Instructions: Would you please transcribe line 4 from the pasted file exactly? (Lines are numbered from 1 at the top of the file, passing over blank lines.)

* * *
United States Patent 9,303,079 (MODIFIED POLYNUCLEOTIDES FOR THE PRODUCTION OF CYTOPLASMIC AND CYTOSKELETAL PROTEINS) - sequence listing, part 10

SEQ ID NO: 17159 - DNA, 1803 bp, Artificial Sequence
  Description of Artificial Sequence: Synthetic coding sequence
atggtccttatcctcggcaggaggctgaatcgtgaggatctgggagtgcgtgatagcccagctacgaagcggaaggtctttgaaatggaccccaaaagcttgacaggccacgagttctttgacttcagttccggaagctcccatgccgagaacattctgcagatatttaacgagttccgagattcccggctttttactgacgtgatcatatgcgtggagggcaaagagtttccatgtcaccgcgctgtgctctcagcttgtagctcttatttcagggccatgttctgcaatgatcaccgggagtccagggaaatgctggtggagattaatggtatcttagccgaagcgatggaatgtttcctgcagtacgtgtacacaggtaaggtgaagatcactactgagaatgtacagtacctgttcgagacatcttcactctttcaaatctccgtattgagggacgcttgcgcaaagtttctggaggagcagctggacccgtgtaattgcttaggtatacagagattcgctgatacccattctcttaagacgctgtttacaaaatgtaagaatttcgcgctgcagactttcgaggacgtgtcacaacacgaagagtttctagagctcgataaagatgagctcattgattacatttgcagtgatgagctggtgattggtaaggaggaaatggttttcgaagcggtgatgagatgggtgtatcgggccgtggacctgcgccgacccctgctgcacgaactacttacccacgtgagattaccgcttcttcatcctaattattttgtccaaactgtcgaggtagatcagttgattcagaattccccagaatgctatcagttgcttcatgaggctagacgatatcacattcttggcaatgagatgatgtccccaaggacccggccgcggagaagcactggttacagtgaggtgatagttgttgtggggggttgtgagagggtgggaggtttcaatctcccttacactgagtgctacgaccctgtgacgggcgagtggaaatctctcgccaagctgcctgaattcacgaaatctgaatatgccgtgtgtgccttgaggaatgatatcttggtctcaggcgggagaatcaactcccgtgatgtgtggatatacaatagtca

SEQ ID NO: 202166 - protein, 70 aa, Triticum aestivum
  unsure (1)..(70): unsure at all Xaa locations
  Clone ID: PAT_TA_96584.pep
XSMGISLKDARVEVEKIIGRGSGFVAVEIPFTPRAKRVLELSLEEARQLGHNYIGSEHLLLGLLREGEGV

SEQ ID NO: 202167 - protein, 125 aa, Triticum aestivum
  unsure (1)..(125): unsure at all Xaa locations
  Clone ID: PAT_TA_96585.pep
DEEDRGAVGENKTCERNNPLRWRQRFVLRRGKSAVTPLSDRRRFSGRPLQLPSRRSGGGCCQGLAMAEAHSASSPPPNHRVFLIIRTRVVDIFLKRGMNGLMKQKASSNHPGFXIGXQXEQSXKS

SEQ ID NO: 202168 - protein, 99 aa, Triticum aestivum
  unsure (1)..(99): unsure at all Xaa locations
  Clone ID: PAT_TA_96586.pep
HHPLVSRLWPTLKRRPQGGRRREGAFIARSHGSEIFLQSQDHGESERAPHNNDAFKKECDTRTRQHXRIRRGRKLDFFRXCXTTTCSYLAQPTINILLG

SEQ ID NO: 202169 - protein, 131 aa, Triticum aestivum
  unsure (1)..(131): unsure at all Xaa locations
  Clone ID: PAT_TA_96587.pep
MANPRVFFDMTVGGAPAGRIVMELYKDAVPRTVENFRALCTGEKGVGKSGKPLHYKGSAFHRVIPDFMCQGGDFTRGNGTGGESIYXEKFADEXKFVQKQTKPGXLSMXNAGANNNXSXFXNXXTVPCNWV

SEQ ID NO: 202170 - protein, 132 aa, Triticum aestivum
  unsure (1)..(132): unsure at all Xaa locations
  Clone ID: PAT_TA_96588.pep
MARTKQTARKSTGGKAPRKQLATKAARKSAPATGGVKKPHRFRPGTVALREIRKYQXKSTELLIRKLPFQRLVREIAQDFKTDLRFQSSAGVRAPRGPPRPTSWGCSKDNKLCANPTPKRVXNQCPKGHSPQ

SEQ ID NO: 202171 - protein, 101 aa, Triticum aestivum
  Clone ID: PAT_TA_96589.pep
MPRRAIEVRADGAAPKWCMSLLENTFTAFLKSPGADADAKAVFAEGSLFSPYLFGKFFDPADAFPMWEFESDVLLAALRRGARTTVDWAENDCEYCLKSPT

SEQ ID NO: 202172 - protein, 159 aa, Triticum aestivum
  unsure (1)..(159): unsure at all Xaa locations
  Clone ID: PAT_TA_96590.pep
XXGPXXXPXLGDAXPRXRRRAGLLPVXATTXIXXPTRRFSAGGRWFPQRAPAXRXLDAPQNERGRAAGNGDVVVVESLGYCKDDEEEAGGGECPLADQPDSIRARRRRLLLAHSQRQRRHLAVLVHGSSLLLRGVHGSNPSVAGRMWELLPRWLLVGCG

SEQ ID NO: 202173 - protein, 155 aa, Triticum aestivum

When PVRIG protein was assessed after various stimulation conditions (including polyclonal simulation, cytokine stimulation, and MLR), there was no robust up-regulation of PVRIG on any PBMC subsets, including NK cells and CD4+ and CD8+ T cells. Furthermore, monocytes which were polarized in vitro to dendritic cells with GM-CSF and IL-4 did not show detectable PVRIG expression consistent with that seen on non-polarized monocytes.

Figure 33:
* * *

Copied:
atggtccttatcctcggcaggaggctgaatcgtgaggatctgggagtgcgtgatagcccagctacgaagcggaaggtctttgaaatggaccccaaaagcttgacaggccacgagttctttgacttcagttccggaagctcccatgccgagaacattctgcagatatttaacgagttccgagattcccggctttttactgacgtgatcatatgcgtggagggcaaagagtttccatgtcaccgcgctgtgctctcagcttgtagctcttatttcagggccatgttctgcaatgatcaccgggagtccagggaaatgctggtggagattaatggtatcttagccgaagcgatggaatgtttcctgcagtacgtgtacacaggtaaggtgaagatcactactgagaatgtacagtacctgttcgagacatcttcactctttcaaatctccgtattgagggacgcttgcgcaaagtttctggaggagcagctggacccgtgtaattgcttaggtatacagagattcgctgatacccattctcttaagacgctgtttacaaaatgtaagaatttcgcgctgcagactttcgaggacgtgtcacaacacgaagagtttctagagctcgataaagatgagctcattgattacatttgcagtgatgagctggtgattggtaaggaggaaatggttttcgaagcggtgatgagatgggtgtatcgggccgtggacctgcgccgacccctgctgcacgaactacttacccacgtgagattaccgcttcttcatcctaattattttgtccaaactgtcgaggtagatcagttgattcagaattccccagaatgctatcagttgcttcatgaggctagacgatatcacattcttggcaatgagatgatgtccccaaggacccggccgcggagaagcactggttacagtgaggtgatagttgttgtggggggttgtgagagggtgggaggtttcaatctcccttacactgagtgctacgaccctgtgacgggcgagtggaaatctctcgccaagctgcctgaattcacgaaatctgaatatgccgtgtgtgccttgaggaatgatatcttggtctcaggcgggagaatcaactcccgtgatgtgtggatatacaatagtca